Animal Feelings


48 pages
Contains Photos, Index
ISBN 1-895688-82-5
DDC j591.5





Illustrations by Pat Stephens
Reviewed by Patricia Morley

Patricia Morley is professor emerita of English and Canadian Studies at
Concordia University and an avid outdoor recreationist. She is also the
author of The Mountain Is Moving: Japanese Women’s Lives, Kurlek, and
Margaret Laurence: The Long Journey Hom


There are some scientists who insist that animals can neither reason nor
feel the emotions we think of as “human.” Award-winning science
author Sylvia Funston takes issue with that position and draws upon such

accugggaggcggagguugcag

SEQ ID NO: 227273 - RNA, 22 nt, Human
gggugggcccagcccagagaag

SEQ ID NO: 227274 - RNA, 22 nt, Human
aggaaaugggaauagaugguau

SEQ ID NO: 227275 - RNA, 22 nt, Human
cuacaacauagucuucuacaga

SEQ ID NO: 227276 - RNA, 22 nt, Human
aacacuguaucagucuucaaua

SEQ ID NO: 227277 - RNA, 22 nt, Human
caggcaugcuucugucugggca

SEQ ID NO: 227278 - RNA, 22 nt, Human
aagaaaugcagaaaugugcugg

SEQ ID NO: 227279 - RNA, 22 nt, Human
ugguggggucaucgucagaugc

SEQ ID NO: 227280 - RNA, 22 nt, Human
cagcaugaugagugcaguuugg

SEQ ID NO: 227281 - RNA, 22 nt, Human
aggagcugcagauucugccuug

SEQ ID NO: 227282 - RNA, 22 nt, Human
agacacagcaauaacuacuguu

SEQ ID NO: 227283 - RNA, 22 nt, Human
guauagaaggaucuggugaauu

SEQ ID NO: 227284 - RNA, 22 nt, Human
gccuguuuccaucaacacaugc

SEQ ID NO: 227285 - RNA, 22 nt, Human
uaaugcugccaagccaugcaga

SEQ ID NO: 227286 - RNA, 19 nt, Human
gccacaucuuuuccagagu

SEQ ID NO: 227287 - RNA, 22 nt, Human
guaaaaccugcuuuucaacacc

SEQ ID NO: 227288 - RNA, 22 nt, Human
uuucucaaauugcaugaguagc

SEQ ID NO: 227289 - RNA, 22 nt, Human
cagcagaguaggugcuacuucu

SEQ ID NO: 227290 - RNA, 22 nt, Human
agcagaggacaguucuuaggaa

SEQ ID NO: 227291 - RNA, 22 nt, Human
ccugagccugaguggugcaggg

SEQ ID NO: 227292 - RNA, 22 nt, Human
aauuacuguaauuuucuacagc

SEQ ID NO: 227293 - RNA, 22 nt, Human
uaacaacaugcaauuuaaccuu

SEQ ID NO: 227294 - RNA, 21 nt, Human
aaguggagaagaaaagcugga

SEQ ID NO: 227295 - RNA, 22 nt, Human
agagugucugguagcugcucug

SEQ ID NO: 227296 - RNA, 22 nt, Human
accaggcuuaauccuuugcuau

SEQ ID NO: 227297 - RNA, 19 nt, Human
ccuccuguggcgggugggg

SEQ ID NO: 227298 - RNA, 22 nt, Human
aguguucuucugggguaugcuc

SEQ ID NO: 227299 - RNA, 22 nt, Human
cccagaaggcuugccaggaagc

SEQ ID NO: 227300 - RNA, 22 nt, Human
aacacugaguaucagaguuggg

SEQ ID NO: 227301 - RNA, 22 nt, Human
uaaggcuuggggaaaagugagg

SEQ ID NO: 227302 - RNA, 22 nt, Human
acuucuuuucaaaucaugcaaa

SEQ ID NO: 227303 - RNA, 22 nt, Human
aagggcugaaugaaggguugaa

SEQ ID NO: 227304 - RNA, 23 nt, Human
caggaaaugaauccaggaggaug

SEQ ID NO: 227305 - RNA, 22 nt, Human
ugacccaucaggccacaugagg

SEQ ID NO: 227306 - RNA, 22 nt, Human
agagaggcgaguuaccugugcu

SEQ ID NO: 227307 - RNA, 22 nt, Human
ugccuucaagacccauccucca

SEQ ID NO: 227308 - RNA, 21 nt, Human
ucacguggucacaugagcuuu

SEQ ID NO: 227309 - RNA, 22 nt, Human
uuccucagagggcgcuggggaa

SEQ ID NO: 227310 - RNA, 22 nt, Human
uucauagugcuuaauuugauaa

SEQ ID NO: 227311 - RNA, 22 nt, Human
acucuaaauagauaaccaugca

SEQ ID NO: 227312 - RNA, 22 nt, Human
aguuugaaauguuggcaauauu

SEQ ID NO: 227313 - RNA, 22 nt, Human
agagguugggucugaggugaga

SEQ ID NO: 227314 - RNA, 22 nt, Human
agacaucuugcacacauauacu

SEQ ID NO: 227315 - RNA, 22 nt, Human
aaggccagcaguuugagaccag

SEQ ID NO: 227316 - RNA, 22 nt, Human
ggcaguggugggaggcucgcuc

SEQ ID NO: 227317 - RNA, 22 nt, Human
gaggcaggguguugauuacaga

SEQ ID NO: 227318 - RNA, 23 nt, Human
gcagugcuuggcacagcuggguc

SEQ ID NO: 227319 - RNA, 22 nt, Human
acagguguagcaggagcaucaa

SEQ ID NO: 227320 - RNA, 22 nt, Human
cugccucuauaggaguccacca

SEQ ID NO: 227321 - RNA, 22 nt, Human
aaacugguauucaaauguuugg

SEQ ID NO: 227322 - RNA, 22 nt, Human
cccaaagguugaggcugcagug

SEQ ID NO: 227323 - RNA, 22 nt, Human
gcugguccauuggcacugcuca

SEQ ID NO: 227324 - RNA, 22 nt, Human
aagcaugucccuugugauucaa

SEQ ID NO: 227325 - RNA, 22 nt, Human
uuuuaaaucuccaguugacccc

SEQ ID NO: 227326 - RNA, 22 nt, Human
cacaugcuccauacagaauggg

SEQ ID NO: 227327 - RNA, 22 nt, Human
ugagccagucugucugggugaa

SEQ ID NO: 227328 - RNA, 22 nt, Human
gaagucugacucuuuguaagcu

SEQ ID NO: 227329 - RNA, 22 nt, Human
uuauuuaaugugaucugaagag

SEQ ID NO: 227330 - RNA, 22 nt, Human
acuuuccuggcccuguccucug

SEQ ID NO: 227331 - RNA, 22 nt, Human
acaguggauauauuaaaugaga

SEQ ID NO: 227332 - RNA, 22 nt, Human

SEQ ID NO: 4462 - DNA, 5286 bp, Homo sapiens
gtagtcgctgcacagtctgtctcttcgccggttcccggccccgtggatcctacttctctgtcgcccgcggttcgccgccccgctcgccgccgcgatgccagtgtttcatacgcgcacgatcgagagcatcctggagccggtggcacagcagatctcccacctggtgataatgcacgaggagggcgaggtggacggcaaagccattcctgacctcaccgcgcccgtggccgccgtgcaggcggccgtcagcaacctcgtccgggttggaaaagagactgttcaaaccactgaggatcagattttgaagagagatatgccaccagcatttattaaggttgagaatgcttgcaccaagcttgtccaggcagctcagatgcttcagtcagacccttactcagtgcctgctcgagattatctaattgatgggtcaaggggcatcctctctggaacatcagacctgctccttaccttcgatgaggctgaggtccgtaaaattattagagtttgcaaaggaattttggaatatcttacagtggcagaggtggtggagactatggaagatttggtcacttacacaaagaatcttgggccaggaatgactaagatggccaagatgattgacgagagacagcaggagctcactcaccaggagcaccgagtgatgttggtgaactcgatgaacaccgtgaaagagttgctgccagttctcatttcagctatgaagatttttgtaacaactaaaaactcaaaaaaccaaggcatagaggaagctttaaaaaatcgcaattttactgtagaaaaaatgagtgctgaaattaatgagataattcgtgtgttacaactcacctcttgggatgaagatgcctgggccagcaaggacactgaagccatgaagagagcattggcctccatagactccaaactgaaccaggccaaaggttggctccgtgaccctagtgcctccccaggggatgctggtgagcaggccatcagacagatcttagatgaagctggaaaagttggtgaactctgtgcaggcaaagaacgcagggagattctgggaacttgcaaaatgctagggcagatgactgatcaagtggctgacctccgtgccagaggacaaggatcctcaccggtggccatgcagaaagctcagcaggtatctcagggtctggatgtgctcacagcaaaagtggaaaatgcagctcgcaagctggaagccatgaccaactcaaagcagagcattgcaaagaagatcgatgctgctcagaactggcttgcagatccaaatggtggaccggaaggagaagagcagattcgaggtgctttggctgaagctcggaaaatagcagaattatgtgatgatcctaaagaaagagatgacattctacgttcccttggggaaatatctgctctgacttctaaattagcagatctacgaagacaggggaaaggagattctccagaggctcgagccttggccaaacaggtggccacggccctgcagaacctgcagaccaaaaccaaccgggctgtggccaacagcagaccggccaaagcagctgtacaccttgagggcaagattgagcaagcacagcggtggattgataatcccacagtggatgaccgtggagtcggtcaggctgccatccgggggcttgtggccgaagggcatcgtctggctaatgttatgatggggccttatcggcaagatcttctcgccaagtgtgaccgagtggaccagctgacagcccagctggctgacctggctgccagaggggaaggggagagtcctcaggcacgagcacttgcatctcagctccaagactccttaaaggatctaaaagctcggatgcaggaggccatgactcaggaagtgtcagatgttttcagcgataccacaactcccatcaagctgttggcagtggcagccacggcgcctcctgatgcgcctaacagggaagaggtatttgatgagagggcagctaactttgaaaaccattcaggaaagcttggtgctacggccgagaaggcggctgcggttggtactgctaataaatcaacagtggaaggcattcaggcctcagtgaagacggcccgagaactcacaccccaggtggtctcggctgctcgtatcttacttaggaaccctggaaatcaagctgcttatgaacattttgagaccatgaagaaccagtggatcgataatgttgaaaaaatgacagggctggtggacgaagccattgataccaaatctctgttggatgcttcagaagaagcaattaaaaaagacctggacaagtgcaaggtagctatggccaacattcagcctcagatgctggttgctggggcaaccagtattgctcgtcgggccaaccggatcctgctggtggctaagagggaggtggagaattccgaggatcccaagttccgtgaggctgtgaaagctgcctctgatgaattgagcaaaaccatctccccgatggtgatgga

authorities as Jane Goodall and Konrad Lorenz to support her arguments.
She begins by noting that scientists who study bird and mammal brains
have found that animals have “emotion command centres” similar to
those found in humans.

The text is divided into three chapters entitled “Feeling Bad,”
“Feeling Good,” and “Feeling for Others.” The layout is
effective: relatively short paragraphs interspersed with numerous color
photographs of varying sizes—a format that catches and holds the
reader’s attention. Funston’s technique of using questions and
answers, along with lively examples of her points, is also effective.

Children who understand the range and intensity of animal emotions will
be more likely to respect and care for animals. This excellent book will
help them to gain that understanding. Highly recommended.


Funston, Sylvia., “Animal Feelings,” Canadian Book Review Annual Online, accessed July 19, 2024,